In Sacramento, ’tis the season to be endured, not enjoyed
Ah, summer. Lazy, carefree days, lounging by the pool, reading under an umbrella on the beach, rafting down the Sacramento River, biking on the American River trail. Summer equals bliss—at least that’s what the summer enthusiasts espouse.
And that’s exactly the type of gushing we-love-summer-in-Sacramento tripe you’ll see in this, the Seventh Annual Summer Guide. But what would the alternative press be without an alternative viewpoint?
Hence the following rant, which my colleagues have dubbed “Amy’s summer sucks essay.”
There are a number of fallacies and serious sins of omission that should be noted in the summer enthusiasts’ wholesale whitewash that summer in Sacramento is one three-month groovathon.
First, with the exception of students, teachers and senior citizens, there’s nothing about summer that is any more or less carefree than any other time of the year. The majority of us working stiffs get no three-month break from responsibilities.
This love of summer that everyone professes is, quite frankly, one heckuva sales job. Let’s see a show of hands—come on now, no one’s watching you: How many of you moved here because of a job and stayed because you liked the people, the urban scene, the fact that you could buy a home without waiting for an inheritance to come through? That’s what I thought.
The heat thing—well, you’ve simply tried to make the best of it, haven’t you? Many of you heartier souls go to great lengths to put a positive spin on things, citing many of the “recreational” activities close at hand.
Love playing golf? Great! Make sure you get up before dawn so you can hit the links by 6 a.m. and finish by 10 so you can reduce your risk of developing melanoma. Hiking? You bet! Bring plenty of filtered water and some dried figs and hike into some remote wilderness. Sure, it’s hot and other trailblazers generally discourage nude hiking, but you’ve got that straw hat! (Don’t forget your pesticide-free bug repellent and your “Guide to Poisonous Plants and Disgusting Insects” so you can accurately tell the emergency room doctor what ails you.)
And how about that rafting? Man, that water looks inviting … just make sure you don’t get in that inflatable craft with someone who thinks he’s Whitewater Dan when, in fact, his closest brush with rapids came during a trip to Yosemite where he stood real close to the railing.
My biggest adventure during the summer months lies in testing my skills at securing a parking spot closest to my air-conditioned location of choice. I’ll circle for 30 minutes if I think there’s the slightest chance of a spot within 90 seconds of where I’m headed.
Something happens to people’s brains when the temperature spikes into the triple digits. They say idiotic things like, “You want ice in that?” and, on yet another 105-degree day, take to reminding one another that “at least it’s a dry heat.” At a certain point, wet or dry, hot is hot, folks.
There is one saving grace for those of us cursed to call Sacramento home during the summer months. That mantra is, of course, “Delta breeze.” It becomes a time for celebration when Mark Finan tells us at 11 p.m. that—please God, let it be true—tomorrow night’s temperature will be tempered by Delta breezes. And when it comes, well, we get downright delirious, don’t we?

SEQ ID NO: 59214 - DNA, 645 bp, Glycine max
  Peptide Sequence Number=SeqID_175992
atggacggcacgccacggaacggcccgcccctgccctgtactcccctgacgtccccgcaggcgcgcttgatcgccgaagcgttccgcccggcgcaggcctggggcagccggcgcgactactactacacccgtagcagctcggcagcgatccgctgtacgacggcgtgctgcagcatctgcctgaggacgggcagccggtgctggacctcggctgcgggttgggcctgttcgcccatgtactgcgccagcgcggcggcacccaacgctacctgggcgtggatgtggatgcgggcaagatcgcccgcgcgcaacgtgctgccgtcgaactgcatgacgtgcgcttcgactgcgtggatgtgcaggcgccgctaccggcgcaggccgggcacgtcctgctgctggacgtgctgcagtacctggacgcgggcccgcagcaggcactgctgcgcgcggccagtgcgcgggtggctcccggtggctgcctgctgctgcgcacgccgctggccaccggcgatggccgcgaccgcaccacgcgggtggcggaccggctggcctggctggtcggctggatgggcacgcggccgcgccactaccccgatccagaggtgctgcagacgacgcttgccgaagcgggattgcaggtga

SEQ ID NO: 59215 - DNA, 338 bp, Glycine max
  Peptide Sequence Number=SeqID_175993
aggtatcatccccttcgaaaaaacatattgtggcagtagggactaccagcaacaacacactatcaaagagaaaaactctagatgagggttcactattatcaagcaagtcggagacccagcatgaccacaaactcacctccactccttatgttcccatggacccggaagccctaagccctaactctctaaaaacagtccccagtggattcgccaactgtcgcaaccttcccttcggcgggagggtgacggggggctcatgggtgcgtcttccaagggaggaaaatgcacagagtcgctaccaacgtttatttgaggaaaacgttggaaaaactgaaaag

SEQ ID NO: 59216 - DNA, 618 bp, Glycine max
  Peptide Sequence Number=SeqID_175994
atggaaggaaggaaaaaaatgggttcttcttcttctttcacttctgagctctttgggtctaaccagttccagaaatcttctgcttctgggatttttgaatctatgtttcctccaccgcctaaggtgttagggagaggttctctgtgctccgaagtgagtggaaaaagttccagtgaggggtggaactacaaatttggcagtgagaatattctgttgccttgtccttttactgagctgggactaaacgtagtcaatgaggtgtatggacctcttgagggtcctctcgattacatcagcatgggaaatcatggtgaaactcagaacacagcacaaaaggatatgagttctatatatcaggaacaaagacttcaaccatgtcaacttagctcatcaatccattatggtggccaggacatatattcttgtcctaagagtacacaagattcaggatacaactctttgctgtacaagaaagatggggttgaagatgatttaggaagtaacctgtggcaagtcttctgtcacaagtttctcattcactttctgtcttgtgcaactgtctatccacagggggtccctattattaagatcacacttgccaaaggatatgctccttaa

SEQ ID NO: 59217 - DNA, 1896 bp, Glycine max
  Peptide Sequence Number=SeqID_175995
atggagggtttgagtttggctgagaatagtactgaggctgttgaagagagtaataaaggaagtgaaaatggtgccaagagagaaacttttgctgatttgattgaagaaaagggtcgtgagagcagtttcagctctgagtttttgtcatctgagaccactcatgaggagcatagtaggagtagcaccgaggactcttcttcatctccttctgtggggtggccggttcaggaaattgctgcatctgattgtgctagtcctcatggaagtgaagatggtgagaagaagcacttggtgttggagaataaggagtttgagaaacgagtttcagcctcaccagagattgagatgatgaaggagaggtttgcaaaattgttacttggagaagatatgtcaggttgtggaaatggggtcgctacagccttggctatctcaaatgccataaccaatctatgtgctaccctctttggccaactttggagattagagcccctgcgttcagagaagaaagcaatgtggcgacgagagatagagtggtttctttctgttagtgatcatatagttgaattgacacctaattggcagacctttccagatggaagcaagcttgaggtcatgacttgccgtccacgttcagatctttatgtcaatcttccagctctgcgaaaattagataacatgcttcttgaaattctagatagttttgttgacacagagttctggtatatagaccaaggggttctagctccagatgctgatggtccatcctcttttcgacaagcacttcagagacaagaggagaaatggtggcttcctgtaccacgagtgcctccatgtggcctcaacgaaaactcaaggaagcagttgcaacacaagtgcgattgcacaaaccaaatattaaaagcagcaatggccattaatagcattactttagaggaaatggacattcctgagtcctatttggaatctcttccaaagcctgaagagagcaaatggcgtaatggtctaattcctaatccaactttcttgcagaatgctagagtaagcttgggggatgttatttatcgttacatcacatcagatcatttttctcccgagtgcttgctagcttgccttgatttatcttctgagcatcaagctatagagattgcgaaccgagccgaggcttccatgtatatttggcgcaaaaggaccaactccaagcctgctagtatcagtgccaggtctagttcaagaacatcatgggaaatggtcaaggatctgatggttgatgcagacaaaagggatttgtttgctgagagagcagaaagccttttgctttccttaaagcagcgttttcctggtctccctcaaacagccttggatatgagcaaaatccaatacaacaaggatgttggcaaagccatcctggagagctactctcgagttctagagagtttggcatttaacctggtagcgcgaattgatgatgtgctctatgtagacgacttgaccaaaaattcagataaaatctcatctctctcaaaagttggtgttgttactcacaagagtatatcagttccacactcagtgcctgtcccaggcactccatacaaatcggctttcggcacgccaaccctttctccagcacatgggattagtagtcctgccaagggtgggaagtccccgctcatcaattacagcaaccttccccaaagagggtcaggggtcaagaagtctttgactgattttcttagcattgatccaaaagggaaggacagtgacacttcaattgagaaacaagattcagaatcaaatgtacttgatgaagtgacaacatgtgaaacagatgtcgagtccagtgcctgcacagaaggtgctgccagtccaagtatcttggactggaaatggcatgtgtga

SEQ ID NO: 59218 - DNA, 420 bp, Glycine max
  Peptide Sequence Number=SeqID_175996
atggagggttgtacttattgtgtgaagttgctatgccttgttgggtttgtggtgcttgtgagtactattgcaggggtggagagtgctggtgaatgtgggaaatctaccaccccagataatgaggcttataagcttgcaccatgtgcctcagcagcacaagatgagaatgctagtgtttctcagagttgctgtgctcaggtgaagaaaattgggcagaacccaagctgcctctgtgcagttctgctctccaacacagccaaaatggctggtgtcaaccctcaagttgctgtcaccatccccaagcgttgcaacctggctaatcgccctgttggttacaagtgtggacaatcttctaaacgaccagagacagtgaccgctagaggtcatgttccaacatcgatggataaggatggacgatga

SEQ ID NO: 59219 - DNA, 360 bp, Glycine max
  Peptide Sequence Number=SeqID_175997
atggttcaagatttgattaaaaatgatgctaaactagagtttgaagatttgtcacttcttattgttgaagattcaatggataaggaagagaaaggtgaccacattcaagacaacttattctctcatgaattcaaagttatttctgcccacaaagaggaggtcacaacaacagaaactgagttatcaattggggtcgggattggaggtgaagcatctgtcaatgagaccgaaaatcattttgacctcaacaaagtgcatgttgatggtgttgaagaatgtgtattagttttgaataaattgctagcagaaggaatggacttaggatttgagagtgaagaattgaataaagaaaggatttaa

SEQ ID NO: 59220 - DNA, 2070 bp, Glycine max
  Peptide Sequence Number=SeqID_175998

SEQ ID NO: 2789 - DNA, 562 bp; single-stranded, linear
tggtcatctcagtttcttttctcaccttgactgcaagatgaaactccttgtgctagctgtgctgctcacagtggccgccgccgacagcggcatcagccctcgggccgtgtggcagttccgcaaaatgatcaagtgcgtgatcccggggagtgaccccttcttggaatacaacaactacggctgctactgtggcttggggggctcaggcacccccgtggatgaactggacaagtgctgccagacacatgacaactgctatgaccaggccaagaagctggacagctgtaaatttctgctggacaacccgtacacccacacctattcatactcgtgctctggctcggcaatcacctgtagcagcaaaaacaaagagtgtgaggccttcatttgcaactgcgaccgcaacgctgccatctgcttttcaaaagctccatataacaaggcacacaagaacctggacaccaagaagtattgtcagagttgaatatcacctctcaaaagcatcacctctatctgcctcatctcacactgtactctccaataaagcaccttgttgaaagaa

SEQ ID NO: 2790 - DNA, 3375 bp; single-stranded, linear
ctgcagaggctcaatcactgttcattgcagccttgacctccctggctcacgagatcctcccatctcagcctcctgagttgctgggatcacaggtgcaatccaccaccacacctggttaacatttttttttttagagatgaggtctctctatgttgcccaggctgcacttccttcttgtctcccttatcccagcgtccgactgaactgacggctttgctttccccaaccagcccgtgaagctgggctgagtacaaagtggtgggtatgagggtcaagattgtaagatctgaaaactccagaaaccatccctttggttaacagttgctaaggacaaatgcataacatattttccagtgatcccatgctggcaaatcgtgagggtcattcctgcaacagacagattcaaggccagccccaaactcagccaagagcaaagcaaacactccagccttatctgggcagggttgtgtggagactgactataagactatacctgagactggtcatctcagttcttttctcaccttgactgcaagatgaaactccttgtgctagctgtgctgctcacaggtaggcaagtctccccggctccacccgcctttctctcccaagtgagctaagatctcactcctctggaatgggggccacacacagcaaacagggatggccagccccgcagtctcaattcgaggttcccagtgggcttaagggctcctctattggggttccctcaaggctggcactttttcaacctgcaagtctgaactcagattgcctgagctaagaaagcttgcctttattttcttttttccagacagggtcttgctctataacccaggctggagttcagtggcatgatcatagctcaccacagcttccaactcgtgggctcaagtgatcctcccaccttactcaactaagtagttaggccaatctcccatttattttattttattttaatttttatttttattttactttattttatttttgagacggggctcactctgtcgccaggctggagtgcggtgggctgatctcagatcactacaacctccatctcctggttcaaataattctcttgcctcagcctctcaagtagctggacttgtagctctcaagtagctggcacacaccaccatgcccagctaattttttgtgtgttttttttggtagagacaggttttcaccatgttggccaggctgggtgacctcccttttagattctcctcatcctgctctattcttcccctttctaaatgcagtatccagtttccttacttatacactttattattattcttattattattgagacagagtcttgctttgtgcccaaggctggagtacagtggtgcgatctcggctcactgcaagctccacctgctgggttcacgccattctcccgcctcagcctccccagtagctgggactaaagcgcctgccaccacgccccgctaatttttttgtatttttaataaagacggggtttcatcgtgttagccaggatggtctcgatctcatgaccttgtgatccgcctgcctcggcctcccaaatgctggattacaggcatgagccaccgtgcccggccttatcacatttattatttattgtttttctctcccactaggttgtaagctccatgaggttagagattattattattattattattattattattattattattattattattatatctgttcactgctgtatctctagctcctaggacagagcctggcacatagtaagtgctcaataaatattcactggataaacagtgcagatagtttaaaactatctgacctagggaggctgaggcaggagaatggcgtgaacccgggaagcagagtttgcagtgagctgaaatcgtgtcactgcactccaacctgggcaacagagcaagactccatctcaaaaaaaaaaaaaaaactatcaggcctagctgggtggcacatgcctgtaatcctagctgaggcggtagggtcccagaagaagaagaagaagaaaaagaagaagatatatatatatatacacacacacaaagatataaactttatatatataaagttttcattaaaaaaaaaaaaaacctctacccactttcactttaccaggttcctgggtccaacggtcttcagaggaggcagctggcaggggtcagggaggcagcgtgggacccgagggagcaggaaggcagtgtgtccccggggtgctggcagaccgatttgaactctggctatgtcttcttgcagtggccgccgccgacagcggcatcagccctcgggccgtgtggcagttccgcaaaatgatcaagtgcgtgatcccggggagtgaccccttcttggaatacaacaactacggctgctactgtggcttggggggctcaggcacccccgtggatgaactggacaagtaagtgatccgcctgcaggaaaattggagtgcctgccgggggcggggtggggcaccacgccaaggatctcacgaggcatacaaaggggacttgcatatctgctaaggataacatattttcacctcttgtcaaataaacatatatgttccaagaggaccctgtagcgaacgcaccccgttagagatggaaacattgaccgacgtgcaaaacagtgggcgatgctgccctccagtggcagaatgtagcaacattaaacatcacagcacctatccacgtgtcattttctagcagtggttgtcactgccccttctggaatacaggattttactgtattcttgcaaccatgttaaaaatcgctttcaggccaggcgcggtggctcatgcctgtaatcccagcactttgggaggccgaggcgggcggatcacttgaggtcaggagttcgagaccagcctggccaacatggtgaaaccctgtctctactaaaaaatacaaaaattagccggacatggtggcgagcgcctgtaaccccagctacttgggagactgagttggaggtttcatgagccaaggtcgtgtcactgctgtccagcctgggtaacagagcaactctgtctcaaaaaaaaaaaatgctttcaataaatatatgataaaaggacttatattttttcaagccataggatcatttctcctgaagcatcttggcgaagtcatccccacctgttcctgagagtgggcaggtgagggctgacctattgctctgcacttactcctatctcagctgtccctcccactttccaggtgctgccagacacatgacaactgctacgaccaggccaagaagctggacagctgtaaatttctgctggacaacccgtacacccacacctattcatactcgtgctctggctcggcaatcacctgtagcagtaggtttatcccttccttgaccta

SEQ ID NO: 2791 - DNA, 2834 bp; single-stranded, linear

At 10 p.m., as if on cue, we head out to our decks, patios or fire escapes and bask in the godsend that has dropped the temperature from 94 degrees at 8 p.m. to a mere 85. It’s all we can talk about the next day at work, isn’t it?
“Martha, wasn’t it lovely last night?” Jim asks. “I finally got our lawn mowed!”
And then there’s one of summer’s most treasured events: the late-afternoon barbecue. We Sacramentans love our smoked meat. I seem to get invited to ’cues hosted by folks who have no outdoor canopy, or one umbrella that is permanently tilted to one side and is only big enough to provide shade to two small animals, and a couple of votive citronella candles. What are they thinking?
“Honey, I’m bored.”
“I know!” says the male of the species. “Let’s capitalize on this 100-degree weather and cook over an open fire! And, let’s invite others to join us.”
Or, perhaps more accurately, the exchange goes like this: “It sure is hot outside. Let’s invite the neighbors over so we have someone to share in our misery. We can cook over an open fire and make salads with mayonnaise … ”
For those of us whose idea of communing with nature is a B&B with an ocean-view terrace, well, life in Sacramento during the summer months holds little joie de vivre.
It’s no secret which businesses make the most money during the summer months. That’s right—your local multiplex. I view movies during this timeframe as much as an investment in my sanity as they are entertainment.
When May hits, I buy theater tickets in bulk—my version of a season’s pass to an area amusement park. In fact, I like to think of movies as the adult version of Waterworld—and by adult I mean not having to deal with urine-infected water, floating Band-Aids and enough pooling water on concrete to make for a fine athlete’s foot commercial. There are days when I literally don’t care what’s playing, as long as I realize the promise of a dark, air-conditioned room for two hours.
Come on now, I see you nodding your heads in agreement. You know summer in Sacramento sucks. Wear your annoyance proudly. Hell—iced coffee, air conditioning and the knowledge that everyone else is as miserable as I am are about the only things that make Sacramento’s heat bearable.
That, and those Delta breezes.